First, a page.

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Cervical ripening with Foley catheter for induction of labor after cesarean section: a cohort study.

Jozwiak M, van de Lest HA, Burger NB, Dijksterhuis MG, De Leeuw JW.

 Acta Obstet Gynecol Scand. 2013 Dec 16. doi: 10.1111/aogs.12320. [Epub ahead of print]

Editor’s comment: Prof. Jim Thornton: Is labour induction via Foley catheter after previous Cesarean section safe?
This paper purports to show that induction via Foley catheter after previous Cesarean section is safe. However, among 208 such cases, two term babies died, one after uterine rupture, and six babies (3%) had birth asphyxia as evidenced by an Apgar below 7 at 5 minutes.

Abstract

OBJECTIVE:

To evaluate spontaneous vaginal delivery and complication rates after induction of labor with a transcervical Foley catheter in women with a previous cesarean delivery.

DESIGN:

Retrospective cohort study.

SETTING:

Secondary teaching hospital in the second largest city of the Netherlands.

POPULATION:

Women with a history of cesarean delivery (n = 208), undergoing induction of labor with a Foley catheter in a subsequent pregnancy.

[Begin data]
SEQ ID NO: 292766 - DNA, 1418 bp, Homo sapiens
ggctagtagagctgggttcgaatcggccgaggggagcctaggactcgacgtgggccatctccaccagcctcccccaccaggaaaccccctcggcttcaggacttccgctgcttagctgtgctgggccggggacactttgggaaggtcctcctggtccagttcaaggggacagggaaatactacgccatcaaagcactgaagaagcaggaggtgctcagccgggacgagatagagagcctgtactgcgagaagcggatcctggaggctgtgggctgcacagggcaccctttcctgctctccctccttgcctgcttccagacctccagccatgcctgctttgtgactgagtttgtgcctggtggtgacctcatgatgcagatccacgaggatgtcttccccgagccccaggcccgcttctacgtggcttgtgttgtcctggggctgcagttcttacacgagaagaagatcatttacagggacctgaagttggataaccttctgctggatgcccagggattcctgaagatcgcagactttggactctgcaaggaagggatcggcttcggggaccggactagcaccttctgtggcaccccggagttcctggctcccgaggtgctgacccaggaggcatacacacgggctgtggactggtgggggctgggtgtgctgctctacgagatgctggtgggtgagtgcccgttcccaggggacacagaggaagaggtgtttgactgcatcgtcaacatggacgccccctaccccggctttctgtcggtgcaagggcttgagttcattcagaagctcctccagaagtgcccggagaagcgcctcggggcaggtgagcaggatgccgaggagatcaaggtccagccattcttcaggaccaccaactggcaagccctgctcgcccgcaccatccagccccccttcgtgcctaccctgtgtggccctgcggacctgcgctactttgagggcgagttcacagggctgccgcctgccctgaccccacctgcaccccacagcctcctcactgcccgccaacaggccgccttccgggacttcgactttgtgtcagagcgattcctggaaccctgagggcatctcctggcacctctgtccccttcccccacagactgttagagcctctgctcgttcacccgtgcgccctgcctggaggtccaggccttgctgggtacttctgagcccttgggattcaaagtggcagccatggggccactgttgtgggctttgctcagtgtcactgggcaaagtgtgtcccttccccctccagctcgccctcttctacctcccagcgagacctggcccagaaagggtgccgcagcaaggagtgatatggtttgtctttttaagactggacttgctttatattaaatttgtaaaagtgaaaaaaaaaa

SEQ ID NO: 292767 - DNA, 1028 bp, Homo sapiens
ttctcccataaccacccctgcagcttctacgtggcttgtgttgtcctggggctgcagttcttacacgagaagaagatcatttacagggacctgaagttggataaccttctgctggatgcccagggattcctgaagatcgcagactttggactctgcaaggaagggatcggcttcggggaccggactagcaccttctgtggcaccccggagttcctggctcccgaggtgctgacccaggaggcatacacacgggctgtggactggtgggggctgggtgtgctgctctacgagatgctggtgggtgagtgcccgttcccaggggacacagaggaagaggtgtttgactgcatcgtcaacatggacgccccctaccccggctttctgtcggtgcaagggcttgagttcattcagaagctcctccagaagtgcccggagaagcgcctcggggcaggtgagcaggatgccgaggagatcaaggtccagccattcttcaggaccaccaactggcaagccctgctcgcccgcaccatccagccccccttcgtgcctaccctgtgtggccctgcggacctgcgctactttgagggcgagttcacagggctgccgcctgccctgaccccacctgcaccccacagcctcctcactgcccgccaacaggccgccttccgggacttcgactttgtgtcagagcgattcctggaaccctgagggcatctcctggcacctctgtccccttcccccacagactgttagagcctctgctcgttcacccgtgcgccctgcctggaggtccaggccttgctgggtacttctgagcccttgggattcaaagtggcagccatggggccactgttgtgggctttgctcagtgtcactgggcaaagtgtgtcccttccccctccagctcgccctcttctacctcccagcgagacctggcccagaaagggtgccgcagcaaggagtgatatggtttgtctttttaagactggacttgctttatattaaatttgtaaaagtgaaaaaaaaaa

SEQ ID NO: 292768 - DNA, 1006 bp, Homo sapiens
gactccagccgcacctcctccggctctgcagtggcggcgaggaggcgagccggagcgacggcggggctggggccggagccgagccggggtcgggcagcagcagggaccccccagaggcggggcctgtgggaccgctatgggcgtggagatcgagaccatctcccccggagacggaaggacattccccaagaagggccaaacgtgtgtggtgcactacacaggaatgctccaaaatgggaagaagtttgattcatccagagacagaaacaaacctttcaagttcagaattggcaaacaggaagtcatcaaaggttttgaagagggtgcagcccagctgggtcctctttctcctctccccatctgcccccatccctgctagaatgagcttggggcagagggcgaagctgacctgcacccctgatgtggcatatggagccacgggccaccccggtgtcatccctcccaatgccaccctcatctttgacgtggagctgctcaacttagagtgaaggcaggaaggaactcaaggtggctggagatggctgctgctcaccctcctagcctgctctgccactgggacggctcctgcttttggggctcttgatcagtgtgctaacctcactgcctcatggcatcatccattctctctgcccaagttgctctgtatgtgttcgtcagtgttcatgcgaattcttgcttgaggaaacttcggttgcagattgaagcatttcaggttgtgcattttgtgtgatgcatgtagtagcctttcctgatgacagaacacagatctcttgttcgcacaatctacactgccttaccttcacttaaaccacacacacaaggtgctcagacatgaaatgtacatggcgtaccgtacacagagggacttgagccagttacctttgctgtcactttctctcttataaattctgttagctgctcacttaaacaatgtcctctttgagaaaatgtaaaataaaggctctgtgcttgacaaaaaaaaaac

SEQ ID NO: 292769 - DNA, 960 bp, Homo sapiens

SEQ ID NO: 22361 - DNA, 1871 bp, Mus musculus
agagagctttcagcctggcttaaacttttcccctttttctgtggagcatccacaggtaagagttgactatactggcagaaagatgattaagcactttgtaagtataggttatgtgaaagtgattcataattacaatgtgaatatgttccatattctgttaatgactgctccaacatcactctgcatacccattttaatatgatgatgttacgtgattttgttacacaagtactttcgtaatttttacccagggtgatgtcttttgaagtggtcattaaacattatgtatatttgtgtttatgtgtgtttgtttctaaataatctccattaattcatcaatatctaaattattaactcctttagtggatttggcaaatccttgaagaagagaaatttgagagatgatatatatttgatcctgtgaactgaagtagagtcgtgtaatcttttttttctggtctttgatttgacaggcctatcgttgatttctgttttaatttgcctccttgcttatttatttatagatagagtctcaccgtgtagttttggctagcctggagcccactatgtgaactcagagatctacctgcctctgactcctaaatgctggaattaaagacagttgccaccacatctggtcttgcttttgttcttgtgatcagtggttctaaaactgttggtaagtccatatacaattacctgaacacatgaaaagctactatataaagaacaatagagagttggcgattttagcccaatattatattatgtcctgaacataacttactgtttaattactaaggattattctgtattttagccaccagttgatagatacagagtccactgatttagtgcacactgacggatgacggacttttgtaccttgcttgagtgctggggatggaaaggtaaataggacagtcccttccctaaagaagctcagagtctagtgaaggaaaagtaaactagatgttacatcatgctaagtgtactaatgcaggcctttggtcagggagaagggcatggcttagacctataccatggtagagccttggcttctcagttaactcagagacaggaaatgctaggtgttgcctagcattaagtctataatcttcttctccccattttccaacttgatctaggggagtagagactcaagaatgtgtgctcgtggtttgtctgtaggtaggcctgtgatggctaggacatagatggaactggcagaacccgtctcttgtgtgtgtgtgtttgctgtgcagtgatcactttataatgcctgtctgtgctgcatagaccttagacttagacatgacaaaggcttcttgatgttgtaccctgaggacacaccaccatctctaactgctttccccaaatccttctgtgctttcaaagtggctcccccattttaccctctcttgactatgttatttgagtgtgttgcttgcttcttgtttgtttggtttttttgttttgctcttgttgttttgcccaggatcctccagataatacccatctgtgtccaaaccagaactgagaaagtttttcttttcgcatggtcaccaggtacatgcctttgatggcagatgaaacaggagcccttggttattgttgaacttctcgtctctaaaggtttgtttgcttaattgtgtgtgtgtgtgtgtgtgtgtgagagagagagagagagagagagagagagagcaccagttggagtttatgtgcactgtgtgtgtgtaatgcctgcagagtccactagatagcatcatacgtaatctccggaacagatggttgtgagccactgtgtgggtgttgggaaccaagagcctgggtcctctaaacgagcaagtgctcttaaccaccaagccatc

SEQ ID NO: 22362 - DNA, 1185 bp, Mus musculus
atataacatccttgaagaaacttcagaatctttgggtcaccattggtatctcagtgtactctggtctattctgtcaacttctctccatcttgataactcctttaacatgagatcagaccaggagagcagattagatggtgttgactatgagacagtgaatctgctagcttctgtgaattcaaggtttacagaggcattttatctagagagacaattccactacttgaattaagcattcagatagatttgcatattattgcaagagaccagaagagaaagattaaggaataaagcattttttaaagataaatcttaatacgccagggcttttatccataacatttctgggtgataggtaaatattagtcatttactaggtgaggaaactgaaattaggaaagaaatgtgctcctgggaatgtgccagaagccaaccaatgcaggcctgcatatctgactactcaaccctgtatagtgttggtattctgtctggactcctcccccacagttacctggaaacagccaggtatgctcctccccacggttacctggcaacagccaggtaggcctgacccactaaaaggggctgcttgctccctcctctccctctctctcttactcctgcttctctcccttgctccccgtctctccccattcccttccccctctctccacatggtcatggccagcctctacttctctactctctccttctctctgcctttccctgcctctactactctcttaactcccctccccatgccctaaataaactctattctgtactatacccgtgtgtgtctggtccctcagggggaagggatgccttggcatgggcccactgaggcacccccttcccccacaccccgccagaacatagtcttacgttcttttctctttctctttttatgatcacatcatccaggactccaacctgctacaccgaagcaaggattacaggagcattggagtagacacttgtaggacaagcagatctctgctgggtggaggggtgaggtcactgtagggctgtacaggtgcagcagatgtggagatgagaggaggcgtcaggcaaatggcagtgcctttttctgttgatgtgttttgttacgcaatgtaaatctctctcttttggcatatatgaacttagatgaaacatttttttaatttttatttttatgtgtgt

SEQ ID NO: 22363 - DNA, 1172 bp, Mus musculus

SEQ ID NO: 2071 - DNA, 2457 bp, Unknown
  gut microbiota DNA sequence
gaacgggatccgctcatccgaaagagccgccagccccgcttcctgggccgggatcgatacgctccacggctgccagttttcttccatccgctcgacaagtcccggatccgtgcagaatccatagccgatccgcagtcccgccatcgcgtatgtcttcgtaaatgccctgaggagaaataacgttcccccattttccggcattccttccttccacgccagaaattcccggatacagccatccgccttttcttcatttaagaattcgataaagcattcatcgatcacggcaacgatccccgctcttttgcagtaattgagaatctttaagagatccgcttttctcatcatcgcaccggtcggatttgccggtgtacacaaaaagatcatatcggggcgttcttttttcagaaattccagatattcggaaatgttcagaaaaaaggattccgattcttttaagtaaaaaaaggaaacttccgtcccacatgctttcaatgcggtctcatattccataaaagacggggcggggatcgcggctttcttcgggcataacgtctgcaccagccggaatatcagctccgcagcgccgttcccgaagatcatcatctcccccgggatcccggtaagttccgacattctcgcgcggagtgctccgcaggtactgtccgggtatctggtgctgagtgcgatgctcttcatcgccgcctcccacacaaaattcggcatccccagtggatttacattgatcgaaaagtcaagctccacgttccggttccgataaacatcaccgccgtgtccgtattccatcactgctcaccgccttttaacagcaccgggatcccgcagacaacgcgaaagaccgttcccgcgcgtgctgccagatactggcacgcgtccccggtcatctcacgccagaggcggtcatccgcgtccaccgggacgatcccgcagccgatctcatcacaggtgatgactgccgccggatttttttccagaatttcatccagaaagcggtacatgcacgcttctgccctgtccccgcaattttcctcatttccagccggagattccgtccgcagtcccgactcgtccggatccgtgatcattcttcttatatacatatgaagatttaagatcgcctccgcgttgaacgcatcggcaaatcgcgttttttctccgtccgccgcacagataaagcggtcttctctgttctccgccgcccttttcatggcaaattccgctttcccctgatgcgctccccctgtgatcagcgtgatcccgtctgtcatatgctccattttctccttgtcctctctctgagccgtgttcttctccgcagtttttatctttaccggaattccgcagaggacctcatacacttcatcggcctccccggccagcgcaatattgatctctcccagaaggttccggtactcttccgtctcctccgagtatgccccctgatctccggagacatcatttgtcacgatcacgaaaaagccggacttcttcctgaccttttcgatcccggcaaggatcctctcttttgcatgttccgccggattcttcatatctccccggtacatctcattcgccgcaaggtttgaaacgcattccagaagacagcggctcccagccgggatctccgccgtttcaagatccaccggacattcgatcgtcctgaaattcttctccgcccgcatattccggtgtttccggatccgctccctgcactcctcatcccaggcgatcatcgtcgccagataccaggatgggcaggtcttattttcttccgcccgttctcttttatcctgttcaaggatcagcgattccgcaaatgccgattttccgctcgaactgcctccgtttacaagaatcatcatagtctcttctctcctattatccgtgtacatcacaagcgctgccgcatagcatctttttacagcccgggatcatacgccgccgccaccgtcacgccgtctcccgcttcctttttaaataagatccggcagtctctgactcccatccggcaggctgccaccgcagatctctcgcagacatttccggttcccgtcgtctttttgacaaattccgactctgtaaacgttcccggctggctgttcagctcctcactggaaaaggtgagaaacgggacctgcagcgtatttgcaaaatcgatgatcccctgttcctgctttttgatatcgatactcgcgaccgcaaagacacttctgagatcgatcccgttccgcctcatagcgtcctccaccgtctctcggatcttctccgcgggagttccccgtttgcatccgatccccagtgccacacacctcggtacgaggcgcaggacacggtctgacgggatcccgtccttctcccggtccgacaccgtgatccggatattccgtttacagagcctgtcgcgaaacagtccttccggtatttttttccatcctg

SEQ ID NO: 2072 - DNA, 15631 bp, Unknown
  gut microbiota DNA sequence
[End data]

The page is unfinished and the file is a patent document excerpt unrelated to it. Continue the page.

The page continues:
MATERIAL AND METHODS:

The women who had induction of labor with a transcervical Foley catheter in the Ikazia Hospital, Rotterdam, between January 2003 and January 2012, were identified in a computerized database. Patient's records were checked for accuracy.

MAIN OUTCOME MEASURES:

Vaginal delivery rate, cesarean section rate, uterine rupture and maternal and neonatal (infectious) morbidity.

RESULTS:

Of the women 60% had a spontaneous vaginal delivery and 11% were delivered by vacuum extraction. Uterine rupture occurred in one woman. Postpartum hemorrhage was the most common maternal complication (12%). Maternal intrapartum and postpartum infections occurred in 5% and 1%. Proven neonatal infection was found in 3% of the cases. Two perinatal deaths occurred (1%), of which one was related to uterine rupture.

CONCLUSION:

Induction of labor with a transcervical Foley catheter is an effective method to achieve vaginal delivery in women with a previous cesarean delivery. There is a low risk of uterine rupture and maternal and neonatal (infectious) morbidity in this cohort.

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Commentaries by Editor Prof. Jim Thornton